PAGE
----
Next Generation Photo

That’s where I come in, generation 4. I got my first camera when I was 6 years old. It was a 35mm Minolta film camera and I loved it. Nana taught me how to use it and how to adjust my settings for certain kinds of light. I still have a little cardboard cheat-sheet taped to the back of that camera so I would know what aperture to use for what kind of lighting. I spent years working with film cameras. I learned how to develop my own film and print my own pictures in our darkroom. Since then, the photography world has come a long way and I have learned and become proficient in digital photography as film died down. I studied at the New England School of photography where I learned much more about the digital world and photo editing, but was also able to dive back into a dark room and re-experience the much more romantic side of photography; where you get your hands dirty, and physically experience creating images.

Robb followed along in his mother's footsteps. He was the yearbook photographer at Oliver Ames High School and later went on to graduate from the Rhode Island School of Photography. Robb was the first in the family to take a non-traditional approach to photography. He experimented with angles and lighting to create more drastic images with different perspectives.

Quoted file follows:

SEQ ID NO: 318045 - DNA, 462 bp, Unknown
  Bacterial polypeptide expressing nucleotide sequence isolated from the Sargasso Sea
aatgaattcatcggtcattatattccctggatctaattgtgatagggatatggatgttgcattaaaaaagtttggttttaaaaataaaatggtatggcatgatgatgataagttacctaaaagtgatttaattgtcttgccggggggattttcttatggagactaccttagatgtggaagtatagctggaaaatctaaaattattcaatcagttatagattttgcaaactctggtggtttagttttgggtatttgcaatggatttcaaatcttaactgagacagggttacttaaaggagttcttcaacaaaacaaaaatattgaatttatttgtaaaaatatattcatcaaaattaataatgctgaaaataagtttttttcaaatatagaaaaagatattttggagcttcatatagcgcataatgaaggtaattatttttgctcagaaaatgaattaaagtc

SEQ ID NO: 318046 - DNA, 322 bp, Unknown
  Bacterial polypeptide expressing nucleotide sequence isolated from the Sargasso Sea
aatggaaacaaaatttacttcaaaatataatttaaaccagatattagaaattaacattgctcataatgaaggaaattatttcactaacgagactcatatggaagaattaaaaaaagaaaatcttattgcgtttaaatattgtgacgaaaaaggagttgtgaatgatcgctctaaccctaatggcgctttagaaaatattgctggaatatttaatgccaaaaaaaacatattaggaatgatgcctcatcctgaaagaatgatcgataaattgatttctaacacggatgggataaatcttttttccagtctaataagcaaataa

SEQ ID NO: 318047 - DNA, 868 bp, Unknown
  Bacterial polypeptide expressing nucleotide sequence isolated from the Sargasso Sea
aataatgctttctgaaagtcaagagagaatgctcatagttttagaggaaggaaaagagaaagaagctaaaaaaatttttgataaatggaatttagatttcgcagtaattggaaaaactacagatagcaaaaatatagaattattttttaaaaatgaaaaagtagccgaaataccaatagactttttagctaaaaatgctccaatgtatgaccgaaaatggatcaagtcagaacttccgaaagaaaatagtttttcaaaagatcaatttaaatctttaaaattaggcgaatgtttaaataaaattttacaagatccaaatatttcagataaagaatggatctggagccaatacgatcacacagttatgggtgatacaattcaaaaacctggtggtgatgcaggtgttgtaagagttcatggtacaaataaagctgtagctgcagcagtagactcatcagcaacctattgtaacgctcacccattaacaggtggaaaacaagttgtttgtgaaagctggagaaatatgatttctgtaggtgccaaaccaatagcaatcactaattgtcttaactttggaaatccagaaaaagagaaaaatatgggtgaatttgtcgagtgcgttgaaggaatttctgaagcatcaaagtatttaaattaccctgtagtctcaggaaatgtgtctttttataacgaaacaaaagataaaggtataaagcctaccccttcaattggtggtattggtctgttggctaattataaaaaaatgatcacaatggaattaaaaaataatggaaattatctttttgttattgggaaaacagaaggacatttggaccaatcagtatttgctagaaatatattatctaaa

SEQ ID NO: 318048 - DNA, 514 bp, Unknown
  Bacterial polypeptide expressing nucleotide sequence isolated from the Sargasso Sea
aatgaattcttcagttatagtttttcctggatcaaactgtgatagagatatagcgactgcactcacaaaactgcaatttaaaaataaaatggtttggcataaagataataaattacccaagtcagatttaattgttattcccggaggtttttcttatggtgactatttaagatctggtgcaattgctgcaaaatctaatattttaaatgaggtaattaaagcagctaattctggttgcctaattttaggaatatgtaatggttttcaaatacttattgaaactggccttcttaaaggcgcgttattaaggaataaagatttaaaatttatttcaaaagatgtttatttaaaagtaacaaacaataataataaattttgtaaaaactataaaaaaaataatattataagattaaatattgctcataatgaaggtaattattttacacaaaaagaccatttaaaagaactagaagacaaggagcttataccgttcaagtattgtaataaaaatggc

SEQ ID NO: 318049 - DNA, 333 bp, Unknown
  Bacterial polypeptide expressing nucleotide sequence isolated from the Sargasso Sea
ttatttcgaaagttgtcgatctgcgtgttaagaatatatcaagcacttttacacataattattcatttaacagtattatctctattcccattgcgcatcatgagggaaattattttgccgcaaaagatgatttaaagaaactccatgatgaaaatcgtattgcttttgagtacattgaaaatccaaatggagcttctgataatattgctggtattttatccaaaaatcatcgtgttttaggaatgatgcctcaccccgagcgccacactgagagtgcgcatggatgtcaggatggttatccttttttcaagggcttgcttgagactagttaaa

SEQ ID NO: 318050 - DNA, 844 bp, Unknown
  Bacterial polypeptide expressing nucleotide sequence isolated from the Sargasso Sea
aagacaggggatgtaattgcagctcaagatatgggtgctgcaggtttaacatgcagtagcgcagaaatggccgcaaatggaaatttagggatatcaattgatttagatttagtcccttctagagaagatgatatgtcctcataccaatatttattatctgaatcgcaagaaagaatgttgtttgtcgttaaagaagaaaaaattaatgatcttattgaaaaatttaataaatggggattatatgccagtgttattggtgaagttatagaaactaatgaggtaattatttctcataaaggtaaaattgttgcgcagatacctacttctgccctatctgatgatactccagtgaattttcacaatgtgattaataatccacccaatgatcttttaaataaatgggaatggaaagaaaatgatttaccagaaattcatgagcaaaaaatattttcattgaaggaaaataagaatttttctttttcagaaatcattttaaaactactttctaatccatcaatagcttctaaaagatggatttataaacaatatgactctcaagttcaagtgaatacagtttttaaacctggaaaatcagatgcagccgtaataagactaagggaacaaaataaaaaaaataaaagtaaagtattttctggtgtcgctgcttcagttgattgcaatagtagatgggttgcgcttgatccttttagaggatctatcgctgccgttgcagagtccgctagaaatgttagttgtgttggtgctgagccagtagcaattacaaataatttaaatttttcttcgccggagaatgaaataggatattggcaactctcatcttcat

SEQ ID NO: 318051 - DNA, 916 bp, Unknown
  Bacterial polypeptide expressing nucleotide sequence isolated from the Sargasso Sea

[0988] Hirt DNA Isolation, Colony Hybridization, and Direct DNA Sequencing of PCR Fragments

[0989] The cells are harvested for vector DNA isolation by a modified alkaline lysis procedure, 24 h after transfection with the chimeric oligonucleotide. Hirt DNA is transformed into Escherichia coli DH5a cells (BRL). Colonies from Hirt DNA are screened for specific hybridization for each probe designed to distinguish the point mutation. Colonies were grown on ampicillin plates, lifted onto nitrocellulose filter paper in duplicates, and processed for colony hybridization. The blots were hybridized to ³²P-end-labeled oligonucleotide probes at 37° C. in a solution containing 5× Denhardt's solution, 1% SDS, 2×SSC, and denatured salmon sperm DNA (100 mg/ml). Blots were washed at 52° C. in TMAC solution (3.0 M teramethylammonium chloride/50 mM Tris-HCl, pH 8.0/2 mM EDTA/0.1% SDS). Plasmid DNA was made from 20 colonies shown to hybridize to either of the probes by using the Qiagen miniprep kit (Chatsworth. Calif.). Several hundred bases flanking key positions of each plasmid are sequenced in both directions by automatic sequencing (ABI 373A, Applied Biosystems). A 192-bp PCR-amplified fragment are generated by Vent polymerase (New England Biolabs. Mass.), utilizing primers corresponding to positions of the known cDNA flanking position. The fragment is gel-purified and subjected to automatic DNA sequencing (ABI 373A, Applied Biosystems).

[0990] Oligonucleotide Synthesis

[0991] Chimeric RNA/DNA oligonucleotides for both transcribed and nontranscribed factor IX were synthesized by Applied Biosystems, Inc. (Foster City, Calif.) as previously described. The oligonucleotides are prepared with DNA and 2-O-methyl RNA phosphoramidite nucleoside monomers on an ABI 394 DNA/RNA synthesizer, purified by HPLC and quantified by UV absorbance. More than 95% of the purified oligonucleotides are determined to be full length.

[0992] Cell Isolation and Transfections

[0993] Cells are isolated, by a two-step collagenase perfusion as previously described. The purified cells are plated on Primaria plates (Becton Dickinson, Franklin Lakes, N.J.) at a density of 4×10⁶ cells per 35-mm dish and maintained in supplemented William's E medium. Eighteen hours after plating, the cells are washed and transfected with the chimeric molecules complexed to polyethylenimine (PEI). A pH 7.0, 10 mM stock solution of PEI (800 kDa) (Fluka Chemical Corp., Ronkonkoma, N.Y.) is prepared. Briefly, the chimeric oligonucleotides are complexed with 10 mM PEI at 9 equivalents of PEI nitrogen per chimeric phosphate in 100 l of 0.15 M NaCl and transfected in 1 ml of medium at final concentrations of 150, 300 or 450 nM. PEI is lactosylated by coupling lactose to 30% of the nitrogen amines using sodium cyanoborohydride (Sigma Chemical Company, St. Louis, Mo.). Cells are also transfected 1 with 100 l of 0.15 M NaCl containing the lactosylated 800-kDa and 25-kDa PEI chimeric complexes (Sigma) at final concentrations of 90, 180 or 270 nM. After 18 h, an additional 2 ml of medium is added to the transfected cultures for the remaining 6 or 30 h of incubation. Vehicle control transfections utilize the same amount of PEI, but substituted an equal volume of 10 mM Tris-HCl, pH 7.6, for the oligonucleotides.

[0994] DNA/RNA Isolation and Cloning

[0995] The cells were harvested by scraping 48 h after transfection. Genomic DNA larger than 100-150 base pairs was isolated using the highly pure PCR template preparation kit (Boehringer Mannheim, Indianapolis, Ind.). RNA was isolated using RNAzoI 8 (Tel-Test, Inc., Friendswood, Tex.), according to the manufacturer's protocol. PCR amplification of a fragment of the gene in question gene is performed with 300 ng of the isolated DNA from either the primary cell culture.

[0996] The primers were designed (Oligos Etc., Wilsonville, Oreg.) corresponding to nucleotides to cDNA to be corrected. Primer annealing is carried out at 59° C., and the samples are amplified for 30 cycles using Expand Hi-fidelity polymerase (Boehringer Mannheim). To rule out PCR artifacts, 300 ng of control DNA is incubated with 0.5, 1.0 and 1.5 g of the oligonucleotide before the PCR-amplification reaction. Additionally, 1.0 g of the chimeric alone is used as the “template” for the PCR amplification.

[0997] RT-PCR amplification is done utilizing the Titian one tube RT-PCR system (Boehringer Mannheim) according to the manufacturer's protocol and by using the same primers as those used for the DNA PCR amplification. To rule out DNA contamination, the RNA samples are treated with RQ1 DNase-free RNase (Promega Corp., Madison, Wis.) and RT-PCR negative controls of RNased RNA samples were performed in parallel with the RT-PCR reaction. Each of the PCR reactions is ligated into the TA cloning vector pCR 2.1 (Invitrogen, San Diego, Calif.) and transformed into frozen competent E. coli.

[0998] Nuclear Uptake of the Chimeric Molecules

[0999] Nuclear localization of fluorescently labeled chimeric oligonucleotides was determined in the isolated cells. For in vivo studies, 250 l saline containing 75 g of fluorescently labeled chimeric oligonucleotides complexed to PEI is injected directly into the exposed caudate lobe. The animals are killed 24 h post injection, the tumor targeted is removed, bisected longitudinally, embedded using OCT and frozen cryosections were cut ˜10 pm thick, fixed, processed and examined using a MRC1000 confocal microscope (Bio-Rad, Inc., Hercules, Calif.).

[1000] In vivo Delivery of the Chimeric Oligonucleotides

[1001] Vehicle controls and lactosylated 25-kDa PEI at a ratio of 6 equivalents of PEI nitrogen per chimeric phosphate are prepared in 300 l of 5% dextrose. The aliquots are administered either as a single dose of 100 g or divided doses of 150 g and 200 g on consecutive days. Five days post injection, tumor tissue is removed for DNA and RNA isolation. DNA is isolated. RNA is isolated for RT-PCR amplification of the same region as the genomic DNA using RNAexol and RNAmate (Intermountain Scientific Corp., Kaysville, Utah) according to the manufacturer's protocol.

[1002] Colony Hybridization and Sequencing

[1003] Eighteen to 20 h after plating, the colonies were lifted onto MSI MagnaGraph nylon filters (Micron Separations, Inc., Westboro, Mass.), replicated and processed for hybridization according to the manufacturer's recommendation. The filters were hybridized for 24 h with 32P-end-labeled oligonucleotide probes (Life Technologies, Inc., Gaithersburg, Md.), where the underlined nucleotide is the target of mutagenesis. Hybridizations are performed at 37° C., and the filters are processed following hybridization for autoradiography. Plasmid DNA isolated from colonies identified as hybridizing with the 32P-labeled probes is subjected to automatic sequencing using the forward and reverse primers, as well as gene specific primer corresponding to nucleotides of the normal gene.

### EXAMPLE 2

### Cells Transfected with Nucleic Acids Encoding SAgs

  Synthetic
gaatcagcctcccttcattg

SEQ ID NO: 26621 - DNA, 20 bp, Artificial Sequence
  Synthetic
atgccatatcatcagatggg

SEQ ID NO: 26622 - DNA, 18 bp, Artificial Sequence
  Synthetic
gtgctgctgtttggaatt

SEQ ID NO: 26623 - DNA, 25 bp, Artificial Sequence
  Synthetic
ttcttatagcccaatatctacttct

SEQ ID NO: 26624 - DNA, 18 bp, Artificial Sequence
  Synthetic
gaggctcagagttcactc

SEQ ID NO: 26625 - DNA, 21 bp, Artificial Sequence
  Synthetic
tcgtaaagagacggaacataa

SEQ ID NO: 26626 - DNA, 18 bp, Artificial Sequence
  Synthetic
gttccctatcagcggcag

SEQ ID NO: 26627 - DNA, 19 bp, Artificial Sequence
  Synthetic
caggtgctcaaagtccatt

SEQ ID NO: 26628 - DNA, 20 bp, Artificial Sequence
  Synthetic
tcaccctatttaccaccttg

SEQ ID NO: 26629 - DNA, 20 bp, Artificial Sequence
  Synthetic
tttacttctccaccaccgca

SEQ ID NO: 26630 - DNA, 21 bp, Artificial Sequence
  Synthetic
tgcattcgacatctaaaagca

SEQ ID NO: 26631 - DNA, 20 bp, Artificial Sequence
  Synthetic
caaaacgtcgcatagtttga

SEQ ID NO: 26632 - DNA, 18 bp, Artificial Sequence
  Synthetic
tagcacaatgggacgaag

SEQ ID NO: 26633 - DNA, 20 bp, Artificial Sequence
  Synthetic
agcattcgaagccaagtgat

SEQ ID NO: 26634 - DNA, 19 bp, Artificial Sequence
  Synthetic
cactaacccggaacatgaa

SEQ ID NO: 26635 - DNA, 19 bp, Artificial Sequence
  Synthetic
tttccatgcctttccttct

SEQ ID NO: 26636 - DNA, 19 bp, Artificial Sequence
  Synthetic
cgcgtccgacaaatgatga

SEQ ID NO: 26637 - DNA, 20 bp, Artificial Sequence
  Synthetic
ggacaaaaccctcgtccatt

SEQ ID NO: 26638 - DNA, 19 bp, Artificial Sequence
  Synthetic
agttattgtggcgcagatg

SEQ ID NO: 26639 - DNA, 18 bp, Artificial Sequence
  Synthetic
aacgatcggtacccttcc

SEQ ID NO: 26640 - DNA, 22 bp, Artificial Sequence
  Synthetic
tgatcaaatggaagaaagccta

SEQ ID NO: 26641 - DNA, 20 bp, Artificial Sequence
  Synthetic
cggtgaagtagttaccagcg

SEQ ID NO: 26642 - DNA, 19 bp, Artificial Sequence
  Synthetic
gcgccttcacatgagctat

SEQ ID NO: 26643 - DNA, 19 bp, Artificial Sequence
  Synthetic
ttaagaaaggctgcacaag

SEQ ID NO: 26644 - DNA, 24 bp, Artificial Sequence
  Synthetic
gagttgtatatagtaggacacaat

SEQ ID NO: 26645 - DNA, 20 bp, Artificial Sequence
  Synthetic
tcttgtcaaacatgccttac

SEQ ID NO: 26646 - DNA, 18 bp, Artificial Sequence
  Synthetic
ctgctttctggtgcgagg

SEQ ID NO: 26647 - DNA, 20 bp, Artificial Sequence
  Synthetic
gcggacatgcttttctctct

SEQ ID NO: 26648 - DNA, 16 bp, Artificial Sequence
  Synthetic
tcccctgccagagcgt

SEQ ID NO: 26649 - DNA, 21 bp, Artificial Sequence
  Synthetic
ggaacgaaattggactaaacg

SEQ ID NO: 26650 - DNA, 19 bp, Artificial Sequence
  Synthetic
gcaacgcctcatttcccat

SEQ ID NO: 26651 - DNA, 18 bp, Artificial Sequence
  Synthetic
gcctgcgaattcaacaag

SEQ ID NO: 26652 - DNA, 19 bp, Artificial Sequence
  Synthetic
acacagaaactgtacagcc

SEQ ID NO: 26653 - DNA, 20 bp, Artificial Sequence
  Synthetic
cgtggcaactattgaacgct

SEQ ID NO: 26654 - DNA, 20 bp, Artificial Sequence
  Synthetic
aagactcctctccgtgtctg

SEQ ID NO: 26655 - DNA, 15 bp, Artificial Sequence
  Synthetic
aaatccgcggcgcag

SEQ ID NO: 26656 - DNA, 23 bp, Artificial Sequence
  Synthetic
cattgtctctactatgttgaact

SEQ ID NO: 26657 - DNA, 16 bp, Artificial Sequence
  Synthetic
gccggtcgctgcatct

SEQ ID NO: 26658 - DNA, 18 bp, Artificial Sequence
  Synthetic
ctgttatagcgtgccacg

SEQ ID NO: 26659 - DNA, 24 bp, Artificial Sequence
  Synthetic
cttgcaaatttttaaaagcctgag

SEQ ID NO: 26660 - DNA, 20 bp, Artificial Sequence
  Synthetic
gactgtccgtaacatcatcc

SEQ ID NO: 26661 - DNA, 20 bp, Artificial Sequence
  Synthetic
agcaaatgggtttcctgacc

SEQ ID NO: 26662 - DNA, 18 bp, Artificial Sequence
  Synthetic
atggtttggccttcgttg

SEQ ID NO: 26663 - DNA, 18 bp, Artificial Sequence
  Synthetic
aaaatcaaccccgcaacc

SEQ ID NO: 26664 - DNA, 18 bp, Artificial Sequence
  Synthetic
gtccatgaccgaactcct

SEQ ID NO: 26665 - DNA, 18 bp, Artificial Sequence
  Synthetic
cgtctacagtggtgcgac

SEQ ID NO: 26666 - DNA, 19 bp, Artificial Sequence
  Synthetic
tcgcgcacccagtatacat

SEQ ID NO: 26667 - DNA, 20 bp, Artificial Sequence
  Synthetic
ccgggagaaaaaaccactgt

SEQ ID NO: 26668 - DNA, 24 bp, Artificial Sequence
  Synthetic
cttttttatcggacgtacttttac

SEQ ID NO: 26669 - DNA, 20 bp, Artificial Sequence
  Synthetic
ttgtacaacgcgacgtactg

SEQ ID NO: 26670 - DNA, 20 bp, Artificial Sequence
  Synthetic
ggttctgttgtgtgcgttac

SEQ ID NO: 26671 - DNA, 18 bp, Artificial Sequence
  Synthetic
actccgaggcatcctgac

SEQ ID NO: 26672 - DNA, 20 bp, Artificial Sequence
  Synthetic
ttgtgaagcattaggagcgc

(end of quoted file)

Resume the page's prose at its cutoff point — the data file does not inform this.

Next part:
What's Next

Generation 2

Now I’m looking to combine my Great Grandad's business model with my Nana’s personal approach and my uncle's artistic style. I love taking pictures, I love editing them, and I especially love being able to show people how I see the world. I enjoy nature photography, which I consider my hobby, but professionally I’m passionate about  portraiture. I feel that my view of the world through the lens of my camera is different from others.


Stephanie Gray

Where Emmett took a very business-minded approach to photography, Virginia worked on a more personal level. She became our Church’s photographer doing all the First Communion and Confirmation pictures. Her photos can also be seen around Easton, MA, specifically at Oliver Ames High School where she photographed all the Marching Band and Show Choir competitions. Virginia worked for many years in a photo developing store, back when film was the way of the photo world. There, her keen eye easily color-corrected photos by the hundreds on a daily basis. Virginia, before teaching me, passed on her love and knowledge of photography to her son Robert Gravely.

My Great Grandfather, Emmett Calvey, was the news photographer for the Taunton Gazette and the personal police and crime scene photographer in Taunton for over 30 years. His name can still be seen on plaques around town for the work he did there. In the early ‘60s he was even in the running for a Pulitzer Prize. 

Grandad, as he is known in the family, worked with large format film cameras and converted the barn behind his house into a fully functioning dark room. All of his work with photography got his daughter, and my Nana, M. Virginia Gravely involved in the photography world as well. 


Who I Am